SNAP Review – Supertall: The Sky’s the Limit!
It’s a bird, it’s a plane, it’s… a skyscraper! Build the tallest and best buildings in Supertall, a micro game designed by Nat Levan and published by Button Shy Games.
In Supertall, two or three players build “towers” of cards adjacent to the towers of their neighbors. Listen to Anitra’s thoughts in about five minutes, or read on below.
How to Play
Each card depicts a floor of a building. Floors come in “tax assessment values” from $0-$5, and in one of four plan types: Residential, Commercial, Entertainment, and Natural.
On your turn, draw a card from one of three draw piles, and then choose an action:
- Submit Design – place the card on top of any tower (or empty tower site); your own or another player’s. The previous top card of the tower must have a value less than or equal to the new top card.
- Scrap Plans – place the card on top of “City Hall” in the center of the table.
- Rezone – use the card’s special ability, then place it underneath one of the three draw piles.
The game ends when the cards in the draw piles equal the number of players. Then everyone gets one more turn, and it’s time to score your buildings.
Any player who took fewer turns gets 1 point.
The player with the highest “tax assessment value” (most valuable buildings) gets 2 points.
Each tower is scored in a special way. Any towers that are topped with a floor type that matches the plan on top of City Hall do not score. All other towers have special scoring dependent on the plan type of their top floor.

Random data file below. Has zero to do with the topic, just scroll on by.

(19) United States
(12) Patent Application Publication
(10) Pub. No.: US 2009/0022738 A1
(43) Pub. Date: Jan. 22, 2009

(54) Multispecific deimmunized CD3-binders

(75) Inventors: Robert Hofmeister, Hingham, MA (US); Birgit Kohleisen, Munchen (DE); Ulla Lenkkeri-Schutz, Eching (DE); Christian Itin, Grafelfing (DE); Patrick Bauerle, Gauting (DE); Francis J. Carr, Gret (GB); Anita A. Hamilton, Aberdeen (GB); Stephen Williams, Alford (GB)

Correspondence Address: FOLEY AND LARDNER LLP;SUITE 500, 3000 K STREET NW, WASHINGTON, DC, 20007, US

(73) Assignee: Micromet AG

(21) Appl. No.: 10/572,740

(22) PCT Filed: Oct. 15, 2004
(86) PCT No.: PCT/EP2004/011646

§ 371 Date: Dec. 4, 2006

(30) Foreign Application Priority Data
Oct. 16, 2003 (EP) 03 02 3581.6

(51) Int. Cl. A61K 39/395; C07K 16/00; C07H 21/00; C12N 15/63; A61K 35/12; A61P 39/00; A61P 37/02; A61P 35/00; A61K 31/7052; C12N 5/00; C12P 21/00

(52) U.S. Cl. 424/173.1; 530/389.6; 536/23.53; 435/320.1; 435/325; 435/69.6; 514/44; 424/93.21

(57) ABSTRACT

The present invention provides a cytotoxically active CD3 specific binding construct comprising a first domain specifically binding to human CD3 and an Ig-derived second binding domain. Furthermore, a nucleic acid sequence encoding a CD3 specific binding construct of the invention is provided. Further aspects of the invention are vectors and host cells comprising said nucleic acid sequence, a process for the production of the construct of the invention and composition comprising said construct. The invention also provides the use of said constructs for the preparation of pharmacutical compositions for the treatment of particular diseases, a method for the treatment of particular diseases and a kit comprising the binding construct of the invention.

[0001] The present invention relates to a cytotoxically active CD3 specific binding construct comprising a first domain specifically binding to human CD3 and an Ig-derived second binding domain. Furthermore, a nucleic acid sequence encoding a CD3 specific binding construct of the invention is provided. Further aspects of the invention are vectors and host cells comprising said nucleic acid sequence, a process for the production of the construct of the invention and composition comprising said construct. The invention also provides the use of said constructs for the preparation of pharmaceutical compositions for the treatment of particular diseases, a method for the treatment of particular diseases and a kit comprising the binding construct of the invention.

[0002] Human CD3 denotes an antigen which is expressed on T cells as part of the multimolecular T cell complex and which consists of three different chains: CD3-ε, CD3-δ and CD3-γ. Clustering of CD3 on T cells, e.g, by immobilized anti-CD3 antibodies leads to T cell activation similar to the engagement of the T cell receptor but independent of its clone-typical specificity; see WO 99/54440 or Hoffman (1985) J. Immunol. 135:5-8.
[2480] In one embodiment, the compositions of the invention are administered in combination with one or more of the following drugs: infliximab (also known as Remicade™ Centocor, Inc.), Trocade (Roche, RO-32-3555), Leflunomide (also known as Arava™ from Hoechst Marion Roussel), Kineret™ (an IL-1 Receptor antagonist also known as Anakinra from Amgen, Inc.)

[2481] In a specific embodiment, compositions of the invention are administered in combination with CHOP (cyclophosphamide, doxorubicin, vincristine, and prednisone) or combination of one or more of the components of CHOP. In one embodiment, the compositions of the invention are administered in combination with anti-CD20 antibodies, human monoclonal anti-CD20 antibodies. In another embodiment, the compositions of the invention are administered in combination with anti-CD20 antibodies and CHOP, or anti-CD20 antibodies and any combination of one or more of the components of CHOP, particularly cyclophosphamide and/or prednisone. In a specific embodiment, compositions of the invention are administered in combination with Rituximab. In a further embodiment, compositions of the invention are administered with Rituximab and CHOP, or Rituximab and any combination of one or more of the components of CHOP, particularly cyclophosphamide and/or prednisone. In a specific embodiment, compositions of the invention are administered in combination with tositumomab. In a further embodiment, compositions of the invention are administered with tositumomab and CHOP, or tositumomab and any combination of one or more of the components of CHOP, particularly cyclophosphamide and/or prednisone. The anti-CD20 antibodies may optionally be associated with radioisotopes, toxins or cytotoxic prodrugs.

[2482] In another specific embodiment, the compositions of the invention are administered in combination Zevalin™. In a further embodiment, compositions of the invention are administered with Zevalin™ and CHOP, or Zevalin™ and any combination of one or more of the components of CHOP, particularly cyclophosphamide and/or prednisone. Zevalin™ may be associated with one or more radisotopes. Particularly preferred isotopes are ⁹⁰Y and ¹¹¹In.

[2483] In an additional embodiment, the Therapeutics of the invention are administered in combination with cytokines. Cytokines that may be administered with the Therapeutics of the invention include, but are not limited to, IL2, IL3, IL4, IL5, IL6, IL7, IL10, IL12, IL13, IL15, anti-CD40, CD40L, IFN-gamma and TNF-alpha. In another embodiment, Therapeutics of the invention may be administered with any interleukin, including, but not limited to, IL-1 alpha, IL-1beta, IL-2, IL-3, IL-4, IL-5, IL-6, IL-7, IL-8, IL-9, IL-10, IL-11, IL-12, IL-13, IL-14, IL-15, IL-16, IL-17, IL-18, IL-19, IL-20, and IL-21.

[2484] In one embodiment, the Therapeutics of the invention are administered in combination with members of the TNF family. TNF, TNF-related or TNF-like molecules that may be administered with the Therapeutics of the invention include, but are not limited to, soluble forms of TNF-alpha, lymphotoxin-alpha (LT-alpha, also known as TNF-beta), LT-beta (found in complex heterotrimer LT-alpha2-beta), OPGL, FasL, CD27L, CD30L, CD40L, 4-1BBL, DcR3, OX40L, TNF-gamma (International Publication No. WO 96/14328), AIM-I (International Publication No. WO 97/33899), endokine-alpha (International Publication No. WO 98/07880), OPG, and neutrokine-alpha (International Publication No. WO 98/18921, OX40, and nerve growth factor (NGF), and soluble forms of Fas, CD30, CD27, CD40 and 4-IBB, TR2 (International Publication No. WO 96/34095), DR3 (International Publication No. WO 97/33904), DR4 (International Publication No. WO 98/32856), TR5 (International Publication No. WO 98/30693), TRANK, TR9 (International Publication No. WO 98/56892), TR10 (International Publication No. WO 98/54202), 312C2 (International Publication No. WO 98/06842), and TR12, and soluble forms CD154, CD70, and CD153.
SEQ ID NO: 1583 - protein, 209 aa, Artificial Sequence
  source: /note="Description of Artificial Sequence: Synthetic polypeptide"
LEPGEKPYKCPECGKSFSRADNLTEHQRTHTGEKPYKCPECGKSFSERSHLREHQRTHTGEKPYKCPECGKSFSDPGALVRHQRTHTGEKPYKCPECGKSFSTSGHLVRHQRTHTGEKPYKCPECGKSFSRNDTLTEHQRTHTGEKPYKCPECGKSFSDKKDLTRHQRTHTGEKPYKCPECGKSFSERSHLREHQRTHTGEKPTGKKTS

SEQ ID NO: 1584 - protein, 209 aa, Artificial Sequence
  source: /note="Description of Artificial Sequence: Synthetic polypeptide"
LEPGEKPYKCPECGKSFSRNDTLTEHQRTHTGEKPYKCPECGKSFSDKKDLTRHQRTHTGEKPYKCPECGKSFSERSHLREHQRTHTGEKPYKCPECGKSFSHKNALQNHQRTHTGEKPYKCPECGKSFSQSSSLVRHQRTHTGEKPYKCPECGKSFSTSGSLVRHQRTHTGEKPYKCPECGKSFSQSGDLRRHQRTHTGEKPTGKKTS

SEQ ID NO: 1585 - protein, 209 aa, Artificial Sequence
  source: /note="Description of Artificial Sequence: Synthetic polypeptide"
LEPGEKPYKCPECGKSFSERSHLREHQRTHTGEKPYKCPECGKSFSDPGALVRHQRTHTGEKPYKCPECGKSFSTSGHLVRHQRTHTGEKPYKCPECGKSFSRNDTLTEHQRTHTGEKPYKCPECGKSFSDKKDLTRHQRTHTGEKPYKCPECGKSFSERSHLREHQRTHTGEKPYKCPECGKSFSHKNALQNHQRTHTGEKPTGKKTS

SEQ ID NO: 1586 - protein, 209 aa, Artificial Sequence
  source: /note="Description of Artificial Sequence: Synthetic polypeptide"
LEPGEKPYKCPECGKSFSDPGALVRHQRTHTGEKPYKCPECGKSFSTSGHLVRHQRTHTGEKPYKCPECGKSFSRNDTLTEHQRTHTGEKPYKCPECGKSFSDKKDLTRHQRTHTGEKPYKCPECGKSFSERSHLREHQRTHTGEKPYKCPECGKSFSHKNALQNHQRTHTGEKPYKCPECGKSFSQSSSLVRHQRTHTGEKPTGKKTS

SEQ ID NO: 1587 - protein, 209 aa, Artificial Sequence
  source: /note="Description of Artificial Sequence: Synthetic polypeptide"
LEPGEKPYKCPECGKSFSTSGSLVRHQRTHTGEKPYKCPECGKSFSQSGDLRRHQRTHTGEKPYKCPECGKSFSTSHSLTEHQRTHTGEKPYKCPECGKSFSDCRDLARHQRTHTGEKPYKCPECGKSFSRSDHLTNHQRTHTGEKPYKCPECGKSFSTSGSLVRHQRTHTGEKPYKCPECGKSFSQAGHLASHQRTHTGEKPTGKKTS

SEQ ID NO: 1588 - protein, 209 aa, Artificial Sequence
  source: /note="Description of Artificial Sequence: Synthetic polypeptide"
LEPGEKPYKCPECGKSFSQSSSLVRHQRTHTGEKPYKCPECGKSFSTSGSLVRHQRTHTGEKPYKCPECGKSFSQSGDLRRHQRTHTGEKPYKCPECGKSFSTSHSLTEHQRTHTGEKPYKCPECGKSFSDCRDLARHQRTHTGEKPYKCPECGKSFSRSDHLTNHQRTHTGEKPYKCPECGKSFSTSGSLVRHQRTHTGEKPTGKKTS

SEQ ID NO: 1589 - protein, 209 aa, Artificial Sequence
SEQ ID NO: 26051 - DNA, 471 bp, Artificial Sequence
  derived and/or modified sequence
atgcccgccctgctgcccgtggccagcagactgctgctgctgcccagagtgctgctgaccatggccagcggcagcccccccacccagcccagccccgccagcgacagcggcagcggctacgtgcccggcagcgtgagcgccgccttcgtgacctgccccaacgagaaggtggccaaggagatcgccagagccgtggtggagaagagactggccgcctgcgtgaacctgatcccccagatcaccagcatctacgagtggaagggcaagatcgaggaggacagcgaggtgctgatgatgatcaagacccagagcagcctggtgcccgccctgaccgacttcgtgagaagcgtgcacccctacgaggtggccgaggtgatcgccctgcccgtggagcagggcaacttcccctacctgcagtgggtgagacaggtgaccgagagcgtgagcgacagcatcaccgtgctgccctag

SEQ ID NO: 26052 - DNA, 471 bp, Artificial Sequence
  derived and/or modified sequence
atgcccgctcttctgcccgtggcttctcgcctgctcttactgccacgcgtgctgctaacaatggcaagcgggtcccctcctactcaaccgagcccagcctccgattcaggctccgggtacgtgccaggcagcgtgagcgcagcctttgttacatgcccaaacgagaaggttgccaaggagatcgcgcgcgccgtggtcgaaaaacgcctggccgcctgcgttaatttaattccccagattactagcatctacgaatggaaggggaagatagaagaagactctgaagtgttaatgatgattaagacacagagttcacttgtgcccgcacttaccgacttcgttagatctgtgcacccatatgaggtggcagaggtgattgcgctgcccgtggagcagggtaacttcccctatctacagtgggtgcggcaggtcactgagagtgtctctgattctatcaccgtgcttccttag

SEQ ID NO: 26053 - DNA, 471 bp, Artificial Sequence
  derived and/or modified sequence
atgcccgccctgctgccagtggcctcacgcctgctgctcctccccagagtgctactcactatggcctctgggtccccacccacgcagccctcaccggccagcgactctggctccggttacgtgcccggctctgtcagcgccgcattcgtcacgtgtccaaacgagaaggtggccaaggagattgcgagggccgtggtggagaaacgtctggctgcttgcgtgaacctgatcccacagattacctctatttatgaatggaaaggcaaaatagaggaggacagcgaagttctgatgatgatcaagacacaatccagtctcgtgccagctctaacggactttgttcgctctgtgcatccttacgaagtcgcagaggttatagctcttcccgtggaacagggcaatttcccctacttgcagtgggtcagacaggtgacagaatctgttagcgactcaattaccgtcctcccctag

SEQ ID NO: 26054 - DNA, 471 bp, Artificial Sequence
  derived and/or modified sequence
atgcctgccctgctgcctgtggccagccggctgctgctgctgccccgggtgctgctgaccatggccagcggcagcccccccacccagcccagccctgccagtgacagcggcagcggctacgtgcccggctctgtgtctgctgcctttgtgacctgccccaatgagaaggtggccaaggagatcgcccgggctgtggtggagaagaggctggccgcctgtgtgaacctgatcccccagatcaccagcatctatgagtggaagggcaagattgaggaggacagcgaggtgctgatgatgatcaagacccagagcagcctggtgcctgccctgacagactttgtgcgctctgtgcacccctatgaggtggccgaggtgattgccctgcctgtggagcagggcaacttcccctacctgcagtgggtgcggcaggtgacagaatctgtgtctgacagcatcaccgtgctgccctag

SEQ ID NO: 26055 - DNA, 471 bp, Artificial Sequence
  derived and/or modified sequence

Towers topped with a Natural floor score for groups of 2 or 3 cards with matching tax assessment values, with each group worth 3-7 points.
Towers topped with Entertainment score well if they either contain only Entertainment floors (5 points), or if they have all 4 plan types represented (8 points). If they have 2 or 3 plan types, they don’t score many points (0-3).
If its top floor is Residential, the tower scores 2 points for each floor. Subtract 2 points for any adjacent building topped with a Commercial floor.
A Commercially-topped building scores points for every Commercial and Entertainment floor in the building, and subtracts points for adjacent buildings with a Natural top floor.
Supertall feels meaty. Every time you draw a card, you must ask yourself how best to use it. Should I build my tower? Place it on an opponent’s tower to limit what they can build? Send it to City Hall so no one can use it? Or use the Rezone ability and hope I can add it to a tower the next time it comes around?
Unfortunately, that meatiness is also limited. We always run out of cards too soon, just as we’re starting to get in the rhythm of building and rezoning.
The limited number of cards and the slow start to the game can also mean that early cards don’t feel like they give any choices. You can’t us a Rezone ability if there aren’t the floors available to use it on; and you don’t want to throw away cards into City Hall too soon, either. Usually, you’ll just want to put cards in your own tower, or try to handicap your opponent by placing a $5 floor in an empty tower slot to prevent them from building.
I was able to play it with my 8-year-old son, but he quickly got frustrated by trying to make plans based on only a few cards available to draw.
I recommend Supertall as a meaty but quick game that’s easy to carry. But I have to play with friends who are serious gamers, because there’s a lot to keep track of for such a small and quick game.
Find Supertall at Button Shy’s website, along with many other ultra-portable card games.
The Family Gamers received a copy of Supertall from Button Shy Games for this review.
Number of Players: 2-3
Playtime: <20 minutes
Age Range: 8+